IFP Velenkosini Hlabisa New IFP leader who

IFP President Velenkosini Hlabisa

IFP new leader: SA cannot accommodate unskilled foreigners

Hlabisa says it is the government’s responsibility to ramp up the deportation of unskilled foreign nationals.

IFP Velenkosini Hlabisa New IFP leader who

IFP President Velenkosini Hlabisa

At the height of xenophobia being the trending topic in South Africa’s social discourse, IFP’s new leader, Velenkosini Hlabisa offered an alternative measure for government to deal with the foreign national complexities the country’s currently facing.

Who is Velenkosini Hlabisa?

In a recent interview with Sowetan Live, Hlabisa shared his neo-liberalist views on a range of topics, including the issue of illegal immigration and how unskilled foreign nationals affect demand in the jobs market.

The 54-year-old has come in and filled some big shoes after he was elected to replace IFP’s only — and longest-serving — leader, Mangosuthu Buthelezi.

Hlabisa was a municipal councillor for 20 years before he was anointed into the mayoral role in the Big Five Hlabisa Municipality, where he valiantly served between 2016 and 2019.

Buthelezi’s decision to step down after a long tenure, coupled with the strides the IFP made in the elections, securing official opposition status in Kwa-Zulu Natal, opened the path for Hlabisa to usher in a new era for the political party.

IFP’s solution to illegal immigration

Hlabisa was probed on his thoughts about the recent xenophobic violence we saw in the last month or two, and the current state of illegal immigration.

His solution was simple: the government needs to proactively root out the undocumented and unskilled foreign nationals and keep those we need.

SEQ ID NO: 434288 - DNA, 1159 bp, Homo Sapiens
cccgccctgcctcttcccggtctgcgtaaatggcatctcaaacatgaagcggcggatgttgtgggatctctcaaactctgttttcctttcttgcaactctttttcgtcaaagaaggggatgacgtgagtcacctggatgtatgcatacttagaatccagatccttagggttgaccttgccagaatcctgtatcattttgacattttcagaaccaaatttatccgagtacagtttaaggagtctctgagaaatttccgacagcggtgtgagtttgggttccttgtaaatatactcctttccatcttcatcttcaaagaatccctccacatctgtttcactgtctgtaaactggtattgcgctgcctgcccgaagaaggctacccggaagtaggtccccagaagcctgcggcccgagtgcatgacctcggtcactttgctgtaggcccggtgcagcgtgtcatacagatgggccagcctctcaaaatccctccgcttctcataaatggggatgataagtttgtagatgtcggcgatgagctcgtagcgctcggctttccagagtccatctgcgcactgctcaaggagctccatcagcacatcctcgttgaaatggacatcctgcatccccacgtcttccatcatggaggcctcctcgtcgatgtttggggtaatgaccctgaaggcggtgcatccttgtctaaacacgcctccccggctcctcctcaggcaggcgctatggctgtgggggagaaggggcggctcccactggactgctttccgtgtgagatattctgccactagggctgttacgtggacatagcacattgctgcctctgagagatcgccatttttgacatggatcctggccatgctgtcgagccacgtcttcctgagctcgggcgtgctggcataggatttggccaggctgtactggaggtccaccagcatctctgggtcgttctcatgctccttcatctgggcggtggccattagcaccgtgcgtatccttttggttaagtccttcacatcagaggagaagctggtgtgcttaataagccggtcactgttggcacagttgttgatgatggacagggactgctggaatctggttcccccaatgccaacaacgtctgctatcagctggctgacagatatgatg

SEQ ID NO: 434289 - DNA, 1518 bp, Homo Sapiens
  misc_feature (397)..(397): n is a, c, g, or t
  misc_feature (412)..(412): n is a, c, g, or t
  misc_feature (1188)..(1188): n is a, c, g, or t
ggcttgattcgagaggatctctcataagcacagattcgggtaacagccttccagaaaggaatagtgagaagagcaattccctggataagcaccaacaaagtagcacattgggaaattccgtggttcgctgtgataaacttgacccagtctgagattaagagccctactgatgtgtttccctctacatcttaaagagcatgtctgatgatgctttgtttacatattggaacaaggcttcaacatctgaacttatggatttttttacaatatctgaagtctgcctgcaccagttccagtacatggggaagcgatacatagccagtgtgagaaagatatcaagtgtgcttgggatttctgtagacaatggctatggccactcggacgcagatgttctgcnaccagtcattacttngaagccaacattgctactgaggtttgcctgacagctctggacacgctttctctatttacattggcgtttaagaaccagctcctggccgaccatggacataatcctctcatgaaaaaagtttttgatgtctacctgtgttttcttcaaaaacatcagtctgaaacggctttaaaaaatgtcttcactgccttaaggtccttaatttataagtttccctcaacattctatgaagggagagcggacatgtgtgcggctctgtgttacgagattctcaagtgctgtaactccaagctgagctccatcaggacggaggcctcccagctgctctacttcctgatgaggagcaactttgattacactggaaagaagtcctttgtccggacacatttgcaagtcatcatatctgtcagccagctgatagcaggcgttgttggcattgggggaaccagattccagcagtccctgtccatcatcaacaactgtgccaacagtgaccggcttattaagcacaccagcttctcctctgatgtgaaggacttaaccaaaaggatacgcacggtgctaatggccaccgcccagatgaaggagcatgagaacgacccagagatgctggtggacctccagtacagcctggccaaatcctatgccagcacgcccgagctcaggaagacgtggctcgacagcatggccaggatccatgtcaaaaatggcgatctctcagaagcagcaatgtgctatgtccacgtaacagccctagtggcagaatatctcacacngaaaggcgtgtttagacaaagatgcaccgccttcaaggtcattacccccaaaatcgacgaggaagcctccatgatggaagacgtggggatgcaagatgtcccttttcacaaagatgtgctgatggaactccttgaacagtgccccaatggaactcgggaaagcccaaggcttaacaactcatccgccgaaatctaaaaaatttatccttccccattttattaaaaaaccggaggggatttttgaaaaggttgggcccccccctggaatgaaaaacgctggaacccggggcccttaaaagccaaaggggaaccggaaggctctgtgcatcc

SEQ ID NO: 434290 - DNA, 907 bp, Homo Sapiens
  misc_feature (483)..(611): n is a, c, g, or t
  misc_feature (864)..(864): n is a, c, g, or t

The IFP leader stated the government’s nonchalant attitude towards dealing with unskilled foreign labourers was affecting an already bloated jobs market.

He indicated that more work needed to be done to assist illegal immigrants in being deported back to their respective home countries, rather than allowing them to pile into borders with nothing to offer.

“All foreign nationals who are within the country and have skills, but are not documented must be documented and retained. those without skills, but are looking for jobs, the government must assist them to return to their original countries,” Hlabisa proposed.

The IFP added that there was no feasible reason why South Africa preserved unskilled foreign labourers when there were capable locals who deserved priority consideration in the informal jobs these illegal immigrants obtain due to their below-market affordability.

“If you allow anybody, you will reach a situation that will be beyond control. People will say if these people were not here, we would have had a job of being a cleaner [for example],” he said.

Habisa warned that xenophobia would be a common occurrence in South Africa if the government did nothing to address illegal immigration.

“If this is not being attended to, we are sitting on a ticking time bomb. There is no reason why they should be here while we also have people [South Africans] who are unemployed with no skills like foreign nationals,” he exclaimed.